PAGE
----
Like most of his peers throughout the banking industry, Dennis Shaffer, the CEO at Sandusky, Ohio-based Civista Bancshares, is confronting challenges unlike anything he has faced in his long career.
The Covid-19 pandemic is ravaging the U.S. economy, leading to the highest levels of unemployment since the Great Depression and a likely recession of unknown depth and duration. That is forcing CEOs like Shaffer to make decisions about sustainability and workforce deployment that were unimaginable six months ago.
The $2.5 billion bank serves a three-state area that spans big chunks of Ohio as well as southeastern Indiana and northern Kentucky. Civista’s profitability has already been impacted by the pandemic: Net income in the first quarter was down nearly 18%, to $7.8 million year over year.
But Shaffer says the bank’s mortgage loan originations are at record levels and several construction projects that it financed prior to the pandemic are still going forward. The bank processed 2,141 loans under the SBA’s Paycheck Protection Program, totaling $262 million. Shaffer estimates that over 300 of those loans were to new and very grateful customers that could lead to expanded business relationships in the future.
Civista has also reached out to borrowers that have been hard hit by the downturn and offered them 90-day loan modifications. In the first quarter, the bank modified 66 loans totaling $39.9 million, according to its first quarter earnings report. These were primarily deferral of principal and/or interest payments. Since March 31, it has received requests to modify an additional 727 loans totaling $410 million.
“The bank’s doing fine,” he says. “Our main emphasis has been keeping our customers and employees healthy and also continue to do business as normal as possible for our customers.”
The biggest challenge that Shaffer and other bank CEOs face today is economic uncertainty. If he knew how deep and long the recession will be, Shaffer could better estimate the impact that will have on Civista’s balance sheet.
“This is my 35th year in banking and I’ve never seen anything like this,” he says. “We’ve gone through recessions where a business goes from making $1 to maybe 70 cents. Well here, they’ve gone from $1 to some of these businesses making nothing.”
Shaffer faced up to that challenge by taking a hard look at the bank’s capital structure and factoring in nightmarish projections.
He started with evaluating whether Civista had enough capital to sustain losses that could be at “historical levels.” During the last recession, the bank sustained $54 million in losses over a four-year period. In his analysis, Shaffer decided to double that — and compress four years to two. He also assumed the bank would continue paying its dividend and wouldn’t lay off employees.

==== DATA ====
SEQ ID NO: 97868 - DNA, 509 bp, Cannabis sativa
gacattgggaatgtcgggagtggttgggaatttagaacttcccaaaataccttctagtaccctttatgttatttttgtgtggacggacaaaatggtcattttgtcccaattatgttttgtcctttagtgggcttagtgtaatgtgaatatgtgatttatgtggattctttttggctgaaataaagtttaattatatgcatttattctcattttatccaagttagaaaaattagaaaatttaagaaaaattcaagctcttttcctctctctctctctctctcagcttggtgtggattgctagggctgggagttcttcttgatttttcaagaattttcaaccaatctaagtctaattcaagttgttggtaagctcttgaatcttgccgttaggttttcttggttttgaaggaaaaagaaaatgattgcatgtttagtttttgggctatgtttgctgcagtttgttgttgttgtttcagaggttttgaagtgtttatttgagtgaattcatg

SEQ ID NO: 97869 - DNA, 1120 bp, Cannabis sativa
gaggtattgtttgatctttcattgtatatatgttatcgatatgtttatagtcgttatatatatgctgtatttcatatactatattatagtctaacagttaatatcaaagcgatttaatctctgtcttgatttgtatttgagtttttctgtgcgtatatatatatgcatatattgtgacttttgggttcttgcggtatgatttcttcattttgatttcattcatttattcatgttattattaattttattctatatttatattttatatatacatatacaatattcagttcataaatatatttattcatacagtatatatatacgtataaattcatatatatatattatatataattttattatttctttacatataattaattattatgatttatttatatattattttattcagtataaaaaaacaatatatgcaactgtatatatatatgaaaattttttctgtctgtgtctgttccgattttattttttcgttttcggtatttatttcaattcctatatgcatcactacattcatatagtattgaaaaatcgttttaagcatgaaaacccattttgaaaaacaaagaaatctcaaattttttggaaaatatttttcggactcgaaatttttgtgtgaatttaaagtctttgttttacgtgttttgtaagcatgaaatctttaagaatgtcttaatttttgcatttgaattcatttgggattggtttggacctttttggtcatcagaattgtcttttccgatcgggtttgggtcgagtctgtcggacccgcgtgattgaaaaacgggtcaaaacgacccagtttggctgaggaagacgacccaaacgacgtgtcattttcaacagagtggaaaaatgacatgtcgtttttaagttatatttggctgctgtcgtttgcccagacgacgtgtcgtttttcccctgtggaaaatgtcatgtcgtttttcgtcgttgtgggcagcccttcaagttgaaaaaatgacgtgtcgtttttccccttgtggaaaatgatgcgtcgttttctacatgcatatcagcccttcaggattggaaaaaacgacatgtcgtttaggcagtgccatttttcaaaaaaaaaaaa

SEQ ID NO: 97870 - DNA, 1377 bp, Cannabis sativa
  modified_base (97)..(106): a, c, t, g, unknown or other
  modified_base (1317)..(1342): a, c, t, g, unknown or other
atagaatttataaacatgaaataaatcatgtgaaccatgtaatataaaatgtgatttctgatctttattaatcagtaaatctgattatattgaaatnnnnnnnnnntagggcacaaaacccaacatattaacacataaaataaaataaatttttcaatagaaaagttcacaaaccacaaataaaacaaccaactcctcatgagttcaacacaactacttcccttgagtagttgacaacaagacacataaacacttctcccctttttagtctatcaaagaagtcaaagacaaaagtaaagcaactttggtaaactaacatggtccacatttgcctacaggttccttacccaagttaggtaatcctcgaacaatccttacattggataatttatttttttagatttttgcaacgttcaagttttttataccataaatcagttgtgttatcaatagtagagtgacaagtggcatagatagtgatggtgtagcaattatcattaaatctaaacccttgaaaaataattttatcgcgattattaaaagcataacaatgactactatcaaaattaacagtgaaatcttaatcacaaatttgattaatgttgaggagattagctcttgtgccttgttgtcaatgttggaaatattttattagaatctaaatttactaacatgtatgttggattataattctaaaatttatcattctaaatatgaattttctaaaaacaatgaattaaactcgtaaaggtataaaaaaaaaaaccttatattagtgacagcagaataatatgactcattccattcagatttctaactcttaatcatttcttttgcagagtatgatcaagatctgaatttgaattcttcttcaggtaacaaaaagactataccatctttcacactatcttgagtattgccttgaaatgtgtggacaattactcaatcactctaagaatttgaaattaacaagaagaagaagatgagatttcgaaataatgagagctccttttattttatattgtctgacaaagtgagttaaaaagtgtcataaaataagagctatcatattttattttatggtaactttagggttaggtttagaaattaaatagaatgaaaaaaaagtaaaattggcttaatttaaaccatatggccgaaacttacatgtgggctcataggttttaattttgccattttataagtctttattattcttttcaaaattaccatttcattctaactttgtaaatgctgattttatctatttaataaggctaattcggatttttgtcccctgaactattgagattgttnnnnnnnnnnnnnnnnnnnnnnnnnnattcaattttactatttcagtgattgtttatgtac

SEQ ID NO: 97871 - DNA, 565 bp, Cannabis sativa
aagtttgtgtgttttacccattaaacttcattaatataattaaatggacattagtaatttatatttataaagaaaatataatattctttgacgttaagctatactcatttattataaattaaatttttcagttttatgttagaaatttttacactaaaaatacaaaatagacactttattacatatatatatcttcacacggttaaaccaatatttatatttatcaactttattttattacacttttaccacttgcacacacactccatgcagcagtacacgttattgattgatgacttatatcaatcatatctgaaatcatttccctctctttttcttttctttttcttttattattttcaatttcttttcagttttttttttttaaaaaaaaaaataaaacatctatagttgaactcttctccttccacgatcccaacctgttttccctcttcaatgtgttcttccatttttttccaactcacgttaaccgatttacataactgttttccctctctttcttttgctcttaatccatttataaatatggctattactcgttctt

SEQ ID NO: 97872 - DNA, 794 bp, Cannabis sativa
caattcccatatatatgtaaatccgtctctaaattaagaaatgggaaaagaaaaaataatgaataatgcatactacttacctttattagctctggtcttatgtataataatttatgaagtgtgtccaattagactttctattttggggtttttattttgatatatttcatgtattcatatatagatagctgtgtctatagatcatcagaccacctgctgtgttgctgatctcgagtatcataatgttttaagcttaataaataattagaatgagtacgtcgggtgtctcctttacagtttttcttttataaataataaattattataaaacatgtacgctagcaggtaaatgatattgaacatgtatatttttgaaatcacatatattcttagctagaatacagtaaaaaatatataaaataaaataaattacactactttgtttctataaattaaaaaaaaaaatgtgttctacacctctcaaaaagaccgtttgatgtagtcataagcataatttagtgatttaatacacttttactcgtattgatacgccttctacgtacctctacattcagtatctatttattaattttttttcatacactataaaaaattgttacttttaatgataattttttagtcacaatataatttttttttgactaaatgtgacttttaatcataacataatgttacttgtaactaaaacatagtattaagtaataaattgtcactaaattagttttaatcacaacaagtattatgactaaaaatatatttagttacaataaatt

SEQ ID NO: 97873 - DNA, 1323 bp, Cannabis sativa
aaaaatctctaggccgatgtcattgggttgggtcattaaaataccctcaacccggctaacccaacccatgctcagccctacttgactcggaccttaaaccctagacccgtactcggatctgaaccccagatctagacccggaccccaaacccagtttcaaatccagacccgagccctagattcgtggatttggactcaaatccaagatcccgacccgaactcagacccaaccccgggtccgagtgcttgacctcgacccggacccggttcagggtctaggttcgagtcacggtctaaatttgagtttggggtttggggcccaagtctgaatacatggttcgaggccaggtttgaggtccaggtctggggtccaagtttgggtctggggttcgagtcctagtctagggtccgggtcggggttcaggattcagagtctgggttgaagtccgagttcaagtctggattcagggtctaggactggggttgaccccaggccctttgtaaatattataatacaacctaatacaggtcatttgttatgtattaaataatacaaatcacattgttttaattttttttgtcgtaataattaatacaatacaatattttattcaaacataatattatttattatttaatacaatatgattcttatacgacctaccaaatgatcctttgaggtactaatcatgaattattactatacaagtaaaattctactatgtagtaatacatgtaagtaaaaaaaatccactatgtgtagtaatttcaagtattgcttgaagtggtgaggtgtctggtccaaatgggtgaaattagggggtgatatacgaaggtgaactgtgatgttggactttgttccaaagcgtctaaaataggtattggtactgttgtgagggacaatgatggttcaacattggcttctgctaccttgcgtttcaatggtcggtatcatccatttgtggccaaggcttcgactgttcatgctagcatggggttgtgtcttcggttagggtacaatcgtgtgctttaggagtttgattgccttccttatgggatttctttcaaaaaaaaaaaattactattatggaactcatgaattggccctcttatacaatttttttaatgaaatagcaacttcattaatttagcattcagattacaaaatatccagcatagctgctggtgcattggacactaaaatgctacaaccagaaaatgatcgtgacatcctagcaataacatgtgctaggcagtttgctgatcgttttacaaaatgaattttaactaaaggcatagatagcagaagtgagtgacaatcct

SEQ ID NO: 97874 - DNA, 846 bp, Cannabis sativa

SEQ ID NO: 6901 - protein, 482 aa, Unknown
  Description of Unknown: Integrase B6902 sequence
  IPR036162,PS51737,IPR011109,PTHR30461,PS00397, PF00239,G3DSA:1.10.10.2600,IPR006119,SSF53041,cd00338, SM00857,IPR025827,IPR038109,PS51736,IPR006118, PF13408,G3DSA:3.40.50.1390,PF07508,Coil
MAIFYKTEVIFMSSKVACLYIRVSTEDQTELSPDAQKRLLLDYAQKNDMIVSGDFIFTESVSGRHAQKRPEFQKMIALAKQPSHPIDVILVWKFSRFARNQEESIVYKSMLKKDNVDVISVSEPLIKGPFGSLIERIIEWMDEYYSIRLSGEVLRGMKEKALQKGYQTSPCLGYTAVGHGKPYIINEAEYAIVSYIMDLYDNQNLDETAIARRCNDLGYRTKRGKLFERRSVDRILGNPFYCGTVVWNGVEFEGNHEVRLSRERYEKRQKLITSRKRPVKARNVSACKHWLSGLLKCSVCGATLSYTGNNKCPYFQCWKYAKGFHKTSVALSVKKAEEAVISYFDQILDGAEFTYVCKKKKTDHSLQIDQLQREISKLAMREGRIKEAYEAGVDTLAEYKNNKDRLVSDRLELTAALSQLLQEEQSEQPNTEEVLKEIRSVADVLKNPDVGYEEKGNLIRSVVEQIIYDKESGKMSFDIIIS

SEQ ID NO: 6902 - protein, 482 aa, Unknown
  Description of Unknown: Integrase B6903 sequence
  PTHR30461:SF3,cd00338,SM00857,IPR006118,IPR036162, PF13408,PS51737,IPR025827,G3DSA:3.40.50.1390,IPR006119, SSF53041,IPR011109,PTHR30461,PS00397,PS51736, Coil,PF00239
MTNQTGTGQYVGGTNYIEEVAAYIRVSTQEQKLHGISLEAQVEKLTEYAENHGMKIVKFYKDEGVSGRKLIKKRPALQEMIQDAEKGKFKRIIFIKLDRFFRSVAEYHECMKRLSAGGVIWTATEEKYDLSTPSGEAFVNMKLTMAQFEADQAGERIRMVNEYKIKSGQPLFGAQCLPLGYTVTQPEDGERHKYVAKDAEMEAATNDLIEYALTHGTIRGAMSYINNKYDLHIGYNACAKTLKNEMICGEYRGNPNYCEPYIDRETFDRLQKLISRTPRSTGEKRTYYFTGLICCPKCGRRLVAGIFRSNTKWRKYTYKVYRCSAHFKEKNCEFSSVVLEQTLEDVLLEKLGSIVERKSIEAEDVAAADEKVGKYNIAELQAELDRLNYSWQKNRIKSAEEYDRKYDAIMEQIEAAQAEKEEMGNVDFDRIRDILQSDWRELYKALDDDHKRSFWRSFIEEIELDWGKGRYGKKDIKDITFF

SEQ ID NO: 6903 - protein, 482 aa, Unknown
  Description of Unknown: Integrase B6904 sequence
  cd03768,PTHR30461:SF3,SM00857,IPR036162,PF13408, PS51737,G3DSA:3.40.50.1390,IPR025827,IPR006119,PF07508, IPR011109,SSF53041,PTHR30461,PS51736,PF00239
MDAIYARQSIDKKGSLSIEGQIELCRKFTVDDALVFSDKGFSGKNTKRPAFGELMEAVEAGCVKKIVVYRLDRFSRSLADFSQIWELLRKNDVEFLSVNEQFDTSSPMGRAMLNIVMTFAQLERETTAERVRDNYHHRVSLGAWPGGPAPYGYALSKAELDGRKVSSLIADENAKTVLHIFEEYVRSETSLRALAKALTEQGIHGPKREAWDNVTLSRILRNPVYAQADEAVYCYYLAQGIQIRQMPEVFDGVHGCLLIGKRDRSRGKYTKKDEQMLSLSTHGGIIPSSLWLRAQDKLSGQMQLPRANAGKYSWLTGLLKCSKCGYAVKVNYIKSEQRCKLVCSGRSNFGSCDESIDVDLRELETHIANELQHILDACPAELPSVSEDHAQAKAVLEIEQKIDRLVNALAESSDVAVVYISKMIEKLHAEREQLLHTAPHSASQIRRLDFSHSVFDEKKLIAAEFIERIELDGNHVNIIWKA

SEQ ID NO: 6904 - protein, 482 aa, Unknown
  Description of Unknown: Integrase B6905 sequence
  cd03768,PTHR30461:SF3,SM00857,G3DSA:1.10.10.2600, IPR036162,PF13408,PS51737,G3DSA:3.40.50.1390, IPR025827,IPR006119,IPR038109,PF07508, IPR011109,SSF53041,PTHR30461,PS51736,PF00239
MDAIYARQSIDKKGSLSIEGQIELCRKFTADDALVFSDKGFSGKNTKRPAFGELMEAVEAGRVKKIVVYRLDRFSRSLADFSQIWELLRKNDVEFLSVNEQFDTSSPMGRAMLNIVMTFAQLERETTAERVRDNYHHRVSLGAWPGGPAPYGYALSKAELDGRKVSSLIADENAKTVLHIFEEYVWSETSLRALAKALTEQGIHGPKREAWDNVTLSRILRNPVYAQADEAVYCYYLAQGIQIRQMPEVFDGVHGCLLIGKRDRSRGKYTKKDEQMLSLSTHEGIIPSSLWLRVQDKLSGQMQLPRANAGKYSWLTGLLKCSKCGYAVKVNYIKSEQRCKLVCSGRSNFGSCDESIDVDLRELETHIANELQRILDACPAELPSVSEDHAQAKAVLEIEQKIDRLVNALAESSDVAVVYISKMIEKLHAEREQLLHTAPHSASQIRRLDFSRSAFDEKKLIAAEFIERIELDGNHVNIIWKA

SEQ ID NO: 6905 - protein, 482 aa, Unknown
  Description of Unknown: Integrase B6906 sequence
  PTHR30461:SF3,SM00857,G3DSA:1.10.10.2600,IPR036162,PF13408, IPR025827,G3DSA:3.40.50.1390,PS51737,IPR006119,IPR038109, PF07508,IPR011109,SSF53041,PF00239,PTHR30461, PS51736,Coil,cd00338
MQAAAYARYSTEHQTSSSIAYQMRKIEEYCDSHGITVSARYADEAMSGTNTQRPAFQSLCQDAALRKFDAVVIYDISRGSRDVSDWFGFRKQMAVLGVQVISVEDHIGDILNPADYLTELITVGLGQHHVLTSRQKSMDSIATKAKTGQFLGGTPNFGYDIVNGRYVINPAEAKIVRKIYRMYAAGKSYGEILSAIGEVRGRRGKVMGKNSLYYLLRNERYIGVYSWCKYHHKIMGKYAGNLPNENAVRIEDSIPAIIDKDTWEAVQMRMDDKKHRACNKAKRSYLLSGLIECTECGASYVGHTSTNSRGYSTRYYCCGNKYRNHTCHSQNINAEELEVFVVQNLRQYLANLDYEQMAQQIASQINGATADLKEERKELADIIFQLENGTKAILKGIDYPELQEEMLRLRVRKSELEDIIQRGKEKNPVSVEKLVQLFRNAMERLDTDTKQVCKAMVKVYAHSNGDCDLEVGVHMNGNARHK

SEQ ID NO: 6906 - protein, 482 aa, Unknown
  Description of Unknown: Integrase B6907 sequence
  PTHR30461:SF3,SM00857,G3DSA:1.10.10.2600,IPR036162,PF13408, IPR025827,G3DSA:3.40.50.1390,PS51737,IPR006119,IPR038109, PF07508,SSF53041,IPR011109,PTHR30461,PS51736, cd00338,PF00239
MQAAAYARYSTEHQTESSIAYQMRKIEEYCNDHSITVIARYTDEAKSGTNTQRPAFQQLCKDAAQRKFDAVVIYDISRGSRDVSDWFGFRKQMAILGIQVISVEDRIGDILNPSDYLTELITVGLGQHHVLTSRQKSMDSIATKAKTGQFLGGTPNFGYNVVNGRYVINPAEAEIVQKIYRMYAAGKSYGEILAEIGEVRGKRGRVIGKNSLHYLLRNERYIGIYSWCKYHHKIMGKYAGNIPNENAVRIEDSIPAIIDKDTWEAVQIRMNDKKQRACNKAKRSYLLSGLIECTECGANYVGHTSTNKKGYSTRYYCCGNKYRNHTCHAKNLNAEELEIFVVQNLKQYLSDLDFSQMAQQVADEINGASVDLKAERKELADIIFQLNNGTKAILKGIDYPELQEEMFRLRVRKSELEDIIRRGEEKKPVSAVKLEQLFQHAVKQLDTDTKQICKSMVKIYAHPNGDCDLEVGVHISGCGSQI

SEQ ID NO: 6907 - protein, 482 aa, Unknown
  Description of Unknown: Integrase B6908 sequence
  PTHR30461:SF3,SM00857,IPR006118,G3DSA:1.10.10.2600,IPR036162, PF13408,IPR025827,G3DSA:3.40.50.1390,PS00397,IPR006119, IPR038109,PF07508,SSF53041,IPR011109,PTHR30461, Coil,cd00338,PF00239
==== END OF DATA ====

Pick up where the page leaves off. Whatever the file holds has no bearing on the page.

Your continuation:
After they factored in all those assumptions, “we were still above 8% on a Tier 1 [capital] basis, so we feel pretty good about that,” he says. The mandated regulatory minimum is 6%, which would give the bank the capacity to absorb even more losses, although Shaffer hopes to avoid falling that low. That analysis gave Shaffer confidence that Civista could take a hard punch in the recession and still carry on. It also answered the question of whether the bank need to raise additional capital.
“We felt we didn’t need to,” he says. “We think we’re really strongly capitalized. I think our stress testing has proved that.”
Shaffer believes the loan modifications and Paycheck Protection loans have bought many of Civista’s customers valuable time, but he won’t know yet for a couple of months how many of those businesses will sustain themselves through the pandemic. “Sales [won’t be] 100%, but are they going to be 90% or are they going to be 50%?” he says.
Another challenge Shaffer has encountered is running the bank with a distributed workforce. Seventy percent of Civista’s employees are working from home, most of them since early March. (Shaffer comes to the office every day because he feels he needs to be visible to the employees working there.) While he had some apprehensions at first, he’s pleased with the bank’s productivity.
Still, Shaffer has to decide when to bring most of those people back into the office. Ohio has already begun to reopen its economy, but he intends to normalize the bank’s operations more gradually. Civista’s branch lobbies have been closed since March — just the drive-through lanes are readily accessible — and Shaffer plans to maintain the status quo through May and perhaps extend it through June.
He also doesn’t see an immediate need to repatriate the majority of Civista’s office employees. “We’ll phase that in and probably do that gradually,” Shaffer says. As other businesses with more pressing needs bring their people back, the bank can afford to wait.
“I just think it benefits the greater community because it eliminates more people coming back into the workforce,” he says. “We can do our part there.”